GAMCO Invokes Proxy Access at National Fuel Gas

GAMCOGAMCO First to Invoke Proxy Access

On November 9, 2016, GAMCO Asset Management Inc. (“GAMCO”) and certain affiliates, delivered a letter to the Issuer (the “Nomination Letter”) nominating Mr. Lance A. Bakrow (the “Nominee”) for election to the Issuer’s Board of Directors (the “Board”) at the Issuer’s 2017 Annual Meeting of Stockholders (the “2017 Annual Meeting”). As far as I know, this is the first use of a proxy access bylaw.

GAMCO’s nomination is pursuant to Article IA of the Issuer’s Bylaws, which is a recently-adopted proxy access provision which is intended to provide stockholders with greater access to put forward nominations of individuals for director on the Issuer’s proxy card.  GAMCO believes its Nominee’s skill sets and highly relevant business and financial experience, as evidenced by his bio included in the 13D/A filing, will be extremely valuable to the Issuer and GAMCO is confident that its Nominee will have an immediate positive impact on the Board.

Below is information regarding GAMCO’s “independent highly-qualified nominee:”
Lance A. Bakrow, Age 59, is the co-founder and a director of Greenwich Energy Solutions, a private company that provides independent energy solutions in the northeastern United States (“GES”).  Mr. Bakrow founded and has worked at GES since July 2009.  Mr. Bakrow is also co-founder and director at SourceGreen, LLC (“SourceGreen”), a private company that is a leading developer, owner and operator of industrial scale renewable energy solar infrastructure projects, which he co-founded in October 2010.  In 1994, Mr. Bakrow founded Greenwich Energy Partners, a private global energy trading and asset investment firm which, after extremely rapid growth, was sold in 1997 to Duke Energy Corporation (NYSE: DUK) (f/k/a Cinergy Corp.), an electric power holding company, where he continued to work until 2008.  Mr. Bakrow, in 2000, formed Greenwich Power, a private equity company focused on energy investments in new technology, alternative energy, and energy risk management solutions and he worked there as co-founder and director until 2006.  Prior to this, from 1985 to 1994, Mr. Bakrow worked as a Partner at The Goldman Sachs Group, Inc. (NYSE: GS) (“Goldman Sachs”), a global investment banking firm, where he ran energy and other related commodity trading and marketing, for the firm.  Prior to his time at Goldman Sachs, Mr. Bakrow worked as a trader at Cargill, Inc., a privately held global agribusiness company, from 1981 to 1985.  Mr. Bakrow earned a Bachelor of Arts Degree in Business from the University of Arizona in 1979.
Just under 40% of the S&P 500 Index now has a proxy access bylaw. Since this is, as far as I know, the first use of proxy access, I’m sure there will be much more press coverage to come. This is another history making moment in corporate governance. Read much more at Gabelli seeks National Fuel board seat via The Buffalo News.

GAMCO First to Invoke Proxy Access: Update 11/11/2016

From yesterday’s Global Proxy Watch,
First! Proxy access has swept across US corporates faster than any governance idea in decades. But no one actually has used investors’ newfound right to nominate directors on the corporate proxy—until now. On Wednesday Mario Gabelli’s GAMCO Investors hedge fund nominated Lance Bakrow, co-founder of privately held Greenwich Energy Solutions, to the board of National Fuel Gas, which adopted an access bylaw in March. GAMCO owns 7.8% of National Fuel and has been pushing for a spinoff of some units. Expect business groups to cite the nomination as confirmation of arguments that access opens doors to shareowners with private agendas.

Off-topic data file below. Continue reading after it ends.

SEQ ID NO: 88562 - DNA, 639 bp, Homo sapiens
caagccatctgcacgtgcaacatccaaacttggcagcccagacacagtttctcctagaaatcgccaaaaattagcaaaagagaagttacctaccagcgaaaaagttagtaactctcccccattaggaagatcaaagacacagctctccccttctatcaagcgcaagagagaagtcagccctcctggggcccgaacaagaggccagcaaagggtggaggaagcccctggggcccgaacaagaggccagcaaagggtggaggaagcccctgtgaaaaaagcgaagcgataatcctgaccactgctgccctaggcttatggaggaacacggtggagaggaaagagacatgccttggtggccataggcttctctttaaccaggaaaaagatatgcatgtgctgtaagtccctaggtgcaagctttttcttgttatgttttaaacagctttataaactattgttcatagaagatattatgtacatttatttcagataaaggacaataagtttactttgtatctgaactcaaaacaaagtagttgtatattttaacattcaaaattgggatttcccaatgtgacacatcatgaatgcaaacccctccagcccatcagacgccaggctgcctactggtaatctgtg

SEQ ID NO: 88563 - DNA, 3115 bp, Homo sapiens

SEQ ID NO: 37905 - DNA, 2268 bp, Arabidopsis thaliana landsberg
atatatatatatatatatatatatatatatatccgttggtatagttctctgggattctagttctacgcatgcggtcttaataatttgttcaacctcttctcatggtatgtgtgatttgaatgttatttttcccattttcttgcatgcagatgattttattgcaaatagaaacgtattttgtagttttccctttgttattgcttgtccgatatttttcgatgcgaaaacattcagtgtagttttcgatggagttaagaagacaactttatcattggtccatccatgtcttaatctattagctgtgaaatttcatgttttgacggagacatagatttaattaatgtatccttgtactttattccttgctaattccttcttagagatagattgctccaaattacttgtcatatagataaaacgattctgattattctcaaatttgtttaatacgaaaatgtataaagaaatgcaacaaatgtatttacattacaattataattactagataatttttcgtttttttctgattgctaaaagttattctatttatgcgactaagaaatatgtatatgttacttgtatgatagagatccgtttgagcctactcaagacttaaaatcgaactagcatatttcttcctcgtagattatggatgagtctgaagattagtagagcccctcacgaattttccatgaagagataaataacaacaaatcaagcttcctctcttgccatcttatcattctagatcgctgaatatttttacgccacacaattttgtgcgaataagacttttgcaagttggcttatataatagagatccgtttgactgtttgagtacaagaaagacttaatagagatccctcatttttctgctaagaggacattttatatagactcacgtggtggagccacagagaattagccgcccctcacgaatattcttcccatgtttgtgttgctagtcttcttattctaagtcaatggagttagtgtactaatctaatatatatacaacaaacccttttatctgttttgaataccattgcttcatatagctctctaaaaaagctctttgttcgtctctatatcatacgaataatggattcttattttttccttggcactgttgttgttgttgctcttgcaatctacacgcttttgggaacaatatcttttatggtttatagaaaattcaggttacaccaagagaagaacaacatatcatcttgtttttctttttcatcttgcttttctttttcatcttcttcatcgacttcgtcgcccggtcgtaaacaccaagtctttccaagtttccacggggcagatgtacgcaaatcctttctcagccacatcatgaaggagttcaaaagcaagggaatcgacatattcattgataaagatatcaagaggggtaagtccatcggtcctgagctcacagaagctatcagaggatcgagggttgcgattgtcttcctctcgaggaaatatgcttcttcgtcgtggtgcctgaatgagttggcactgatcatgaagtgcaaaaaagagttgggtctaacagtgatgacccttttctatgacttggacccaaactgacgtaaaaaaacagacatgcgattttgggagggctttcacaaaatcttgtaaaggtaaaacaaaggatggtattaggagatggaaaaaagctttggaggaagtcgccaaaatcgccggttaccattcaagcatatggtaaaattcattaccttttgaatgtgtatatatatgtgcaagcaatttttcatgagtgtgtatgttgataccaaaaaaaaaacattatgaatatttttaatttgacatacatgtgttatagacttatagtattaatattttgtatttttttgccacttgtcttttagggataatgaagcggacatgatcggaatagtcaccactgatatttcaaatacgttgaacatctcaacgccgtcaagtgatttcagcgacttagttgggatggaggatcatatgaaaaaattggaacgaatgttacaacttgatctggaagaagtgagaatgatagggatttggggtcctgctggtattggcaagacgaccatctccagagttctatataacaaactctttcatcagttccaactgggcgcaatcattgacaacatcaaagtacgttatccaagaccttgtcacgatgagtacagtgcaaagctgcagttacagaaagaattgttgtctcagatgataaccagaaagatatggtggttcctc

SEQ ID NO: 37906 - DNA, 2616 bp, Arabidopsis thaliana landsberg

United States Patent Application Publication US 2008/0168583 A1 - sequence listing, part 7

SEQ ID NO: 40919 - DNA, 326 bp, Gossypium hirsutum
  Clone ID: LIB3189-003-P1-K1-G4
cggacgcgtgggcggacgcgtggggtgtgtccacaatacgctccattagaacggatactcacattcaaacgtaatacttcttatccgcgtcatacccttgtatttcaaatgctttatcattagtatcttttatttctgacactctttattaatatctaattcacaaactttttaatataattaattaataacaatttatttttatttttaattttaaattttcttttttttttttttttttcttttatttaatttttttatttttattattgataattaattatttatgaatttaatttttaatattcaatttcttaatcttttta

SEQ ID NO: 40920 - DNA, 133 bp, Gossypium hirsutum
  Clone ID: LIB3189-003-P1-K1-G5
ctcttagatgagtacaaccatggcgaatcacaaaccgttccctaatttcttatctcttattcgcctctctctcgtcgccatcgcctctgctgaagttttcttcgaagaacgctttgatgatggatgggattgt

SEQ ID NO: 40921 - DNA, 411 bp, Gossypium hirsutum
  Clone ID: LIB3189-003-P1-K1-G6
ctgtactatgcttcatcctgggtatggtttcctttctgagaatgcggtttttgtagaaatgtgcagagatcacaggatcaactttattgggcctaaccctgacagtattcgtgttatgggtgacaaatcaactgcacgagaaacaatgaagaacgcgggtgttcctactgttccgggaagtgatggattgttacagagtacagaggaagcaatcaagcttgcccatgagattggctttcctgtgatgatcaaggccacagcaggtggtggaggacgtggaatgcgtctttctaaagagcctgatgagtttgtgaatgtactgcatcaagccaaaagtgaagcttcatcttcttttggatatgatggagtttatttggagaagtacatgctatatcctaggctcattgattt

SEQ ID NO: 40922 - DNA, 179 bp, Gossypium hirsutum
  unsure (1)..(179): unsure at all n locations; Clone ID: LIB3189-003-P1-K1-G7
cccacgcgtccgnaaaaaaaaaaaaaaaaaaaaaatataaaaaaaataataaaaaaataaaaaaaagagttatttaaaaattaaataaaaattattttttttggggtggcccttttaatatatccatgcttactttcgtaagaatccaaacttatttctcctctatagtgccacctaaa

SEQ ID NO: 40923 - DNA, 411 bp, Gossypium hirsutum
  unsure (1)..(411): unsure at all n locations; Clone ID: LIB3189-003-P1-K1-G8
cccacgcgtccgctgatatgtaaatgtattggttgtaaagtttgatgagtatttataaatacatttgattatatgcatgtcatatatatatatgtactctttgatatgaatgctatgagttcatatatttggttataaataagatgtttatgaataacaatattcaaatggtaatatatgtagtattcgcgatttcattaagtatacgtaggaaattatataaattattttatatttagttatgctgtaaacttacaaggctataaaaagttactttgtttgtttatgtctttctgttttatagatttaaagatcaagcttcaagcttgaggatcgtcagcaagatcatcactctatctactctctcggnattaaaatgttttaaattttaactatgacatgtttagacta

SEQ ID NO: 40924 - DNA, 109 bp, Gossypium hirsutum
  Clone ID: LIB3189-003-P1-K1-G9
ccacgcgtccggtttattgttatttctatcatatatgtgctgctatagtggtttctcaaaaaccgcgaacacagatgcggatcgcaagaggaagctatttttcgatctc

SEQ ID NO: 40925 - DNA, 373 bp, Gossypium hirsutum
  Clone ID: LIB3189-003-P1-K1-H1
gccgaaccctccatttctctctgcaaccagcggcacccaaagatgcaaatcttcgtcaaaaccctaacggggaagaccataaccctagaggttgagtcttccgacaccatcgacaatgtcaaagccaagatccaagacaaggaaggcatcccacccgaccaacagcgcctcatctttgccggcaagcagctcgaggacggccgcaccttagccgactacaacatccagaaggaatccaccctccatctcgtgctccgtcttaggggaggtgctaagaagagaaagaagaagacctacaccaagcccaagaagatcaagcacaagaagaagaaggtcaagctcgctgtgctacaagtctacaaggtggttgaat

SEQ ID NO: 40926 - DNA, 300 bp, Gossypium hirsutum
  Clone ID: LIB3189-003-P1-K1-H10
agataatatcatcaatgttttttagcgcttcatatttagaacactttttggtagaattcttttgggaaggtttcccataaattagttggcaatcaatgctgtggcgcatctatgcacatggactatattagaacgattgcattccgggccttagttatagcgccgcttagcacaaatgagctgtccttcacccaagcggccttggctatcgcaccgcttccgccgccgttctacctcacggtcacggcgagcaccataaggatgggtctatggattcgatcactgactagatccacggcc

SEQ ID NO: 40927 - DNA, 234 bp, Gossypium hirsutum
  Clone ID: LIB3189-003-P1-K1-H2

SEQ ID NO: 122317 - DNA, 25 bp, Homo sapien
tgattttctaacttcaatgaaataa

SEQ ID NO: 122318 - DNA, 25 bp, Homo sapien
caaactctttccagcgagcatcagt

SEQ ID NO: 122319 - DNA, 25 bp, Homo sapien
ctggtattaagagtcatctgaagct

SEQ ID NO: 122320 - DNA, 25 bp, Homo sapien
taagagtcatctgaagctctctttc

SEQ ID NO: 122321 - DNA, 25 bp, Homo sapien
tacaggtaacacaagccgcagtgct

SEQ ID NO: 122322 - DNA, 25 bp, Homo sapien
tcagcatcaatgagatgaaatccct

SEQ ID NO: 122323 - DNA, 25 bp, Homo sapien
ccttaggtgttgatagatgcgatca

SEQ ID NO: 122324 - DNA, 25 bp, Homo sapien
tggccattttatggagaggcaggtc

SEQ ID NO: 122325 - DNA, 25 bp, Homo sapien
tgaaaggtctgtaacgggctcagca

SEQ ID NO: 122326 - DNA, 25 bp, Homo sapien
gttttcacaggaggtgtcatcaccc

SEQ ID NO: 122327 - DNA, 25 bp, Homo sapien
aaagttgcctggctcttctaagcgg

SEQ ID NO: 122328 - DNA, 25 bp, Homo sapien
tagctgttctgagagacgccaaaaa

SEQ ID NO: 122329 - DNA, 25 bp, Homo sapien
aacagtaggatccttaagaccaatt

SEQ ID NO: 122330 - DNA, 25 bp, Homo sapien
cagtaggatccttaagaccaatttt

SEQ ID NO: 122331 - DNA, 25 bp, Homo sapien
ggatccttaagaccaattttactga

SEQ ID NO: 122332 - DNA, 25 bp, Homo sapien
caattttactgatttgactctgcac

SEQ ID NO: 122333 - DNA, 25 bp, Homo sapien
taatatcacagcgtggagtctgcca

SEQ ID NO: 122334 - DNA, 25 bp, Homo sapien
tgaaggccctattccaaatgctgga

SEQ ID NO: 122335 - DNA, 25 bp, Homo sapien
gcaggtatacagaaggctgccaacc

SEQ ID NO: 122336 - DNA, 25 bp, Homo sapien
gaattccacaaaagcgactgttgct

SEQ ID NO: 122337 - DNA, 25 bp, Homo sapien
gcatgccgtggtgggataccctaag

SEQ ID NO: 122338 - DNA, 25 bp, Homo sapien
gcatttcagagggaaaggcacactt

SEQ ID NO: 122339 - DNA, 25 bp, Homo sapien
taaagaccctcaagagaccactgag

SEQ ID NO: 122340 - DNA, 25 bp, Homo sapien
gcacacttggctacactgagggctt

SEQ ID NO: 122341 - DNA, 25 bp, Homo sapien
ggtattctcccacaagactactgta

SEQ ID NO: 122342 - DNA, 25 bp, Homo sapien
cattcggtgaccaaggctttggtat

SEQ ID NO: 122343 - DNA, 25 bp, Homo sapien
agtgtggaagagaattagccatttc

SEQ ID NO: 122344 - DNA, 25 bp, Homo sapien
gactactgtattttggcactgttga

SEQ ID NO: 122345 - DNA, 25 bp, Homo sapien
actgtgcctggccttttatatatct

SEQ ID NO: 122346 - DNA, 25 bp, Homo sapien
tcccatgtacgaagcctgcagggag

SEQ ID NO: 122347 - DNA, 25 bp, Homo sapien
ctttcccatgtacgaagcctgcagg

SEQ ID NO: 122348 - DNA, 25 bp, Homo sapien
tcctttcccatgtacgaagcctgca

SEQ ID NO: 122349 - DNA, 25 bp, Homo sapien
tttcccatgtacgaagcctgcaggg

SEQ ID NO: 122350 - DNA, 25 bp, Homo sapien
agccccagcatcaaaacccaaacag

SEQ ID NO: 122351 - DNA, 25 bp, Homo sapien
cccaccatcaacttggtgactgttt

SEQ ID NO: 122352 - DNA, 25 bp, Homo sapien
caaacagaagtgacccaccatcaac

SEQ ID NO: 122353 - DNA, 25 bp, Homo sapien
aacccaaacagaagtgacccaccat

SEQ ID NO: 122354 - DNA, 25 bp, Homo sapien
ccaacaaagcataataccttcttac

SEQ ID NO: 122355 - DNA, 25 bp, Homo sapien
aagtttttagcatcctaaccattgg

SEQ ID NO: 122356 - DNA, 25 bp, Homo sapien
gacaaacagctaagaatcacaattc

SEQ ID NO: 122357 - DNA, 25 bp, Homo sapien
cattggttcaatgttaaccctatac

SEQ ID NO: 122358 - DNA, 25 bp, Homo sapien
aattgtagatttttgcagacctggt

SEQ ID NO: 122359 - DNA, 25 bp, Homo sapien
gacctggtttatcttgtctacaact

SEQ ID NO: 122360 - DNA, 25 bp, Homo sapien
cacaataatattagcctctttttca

Yes, I think Aaron Bernstein is right, opponents of proxy access may well use this first case to argue that proxy access will be used mostly by hedge funds. That may be right. When the SEC enacted Rule 14a-11, it had no limits on the number of shareholders that could combine to form a nominating group. The Council of Institutional Investors (CII) found that even if the 20 largest public pension funds were able to aggregate their shares, they would not meet the 3% criteria at most of the companies examined.
Mainstream mutual funds like Vanguard, Fidelity and BlackRock might meet the 3% holdings requirement at many companies but they have never even filed a proxy proposal. Nominating and electing directors is much more costly and work intensive. These funds compete mostly on the basis of low costs, so they cannot be expected to step up to the plate. SRI funds are generally much smaller than the largest pension funds belonging to CII. That leaves hedge funds as the only logical user in most cases if the group limitation remains at 20. Change that limit to 40 and it could make all the difference.
More thoughtful comments can also be found from Josh Black at Activism this week. Black reminds us:
Gamco is not a typical activist, however. It holds many of its investments in mutual and closed-end, not hedge funds. Its average holding period for current activist investments is over nine years, according to Activist Insight Online (it has been involved at National Fuel Gas since 2010). And it has a habit of doing things differently, sponsoring a precatory (non-binding) proposal promoting a spinoff at National Fuel Gas a few years ago, and often soliciting proxies in-house for proxy contests proper (saving proxy solicitor fees that often run in the hundreds of thousands of dollars, and millions for the biggest fights).

An even more extensive analysis within the context of current proposals at GAMCO’s First Use of Proxy Access and “Fix-It” Proposals.

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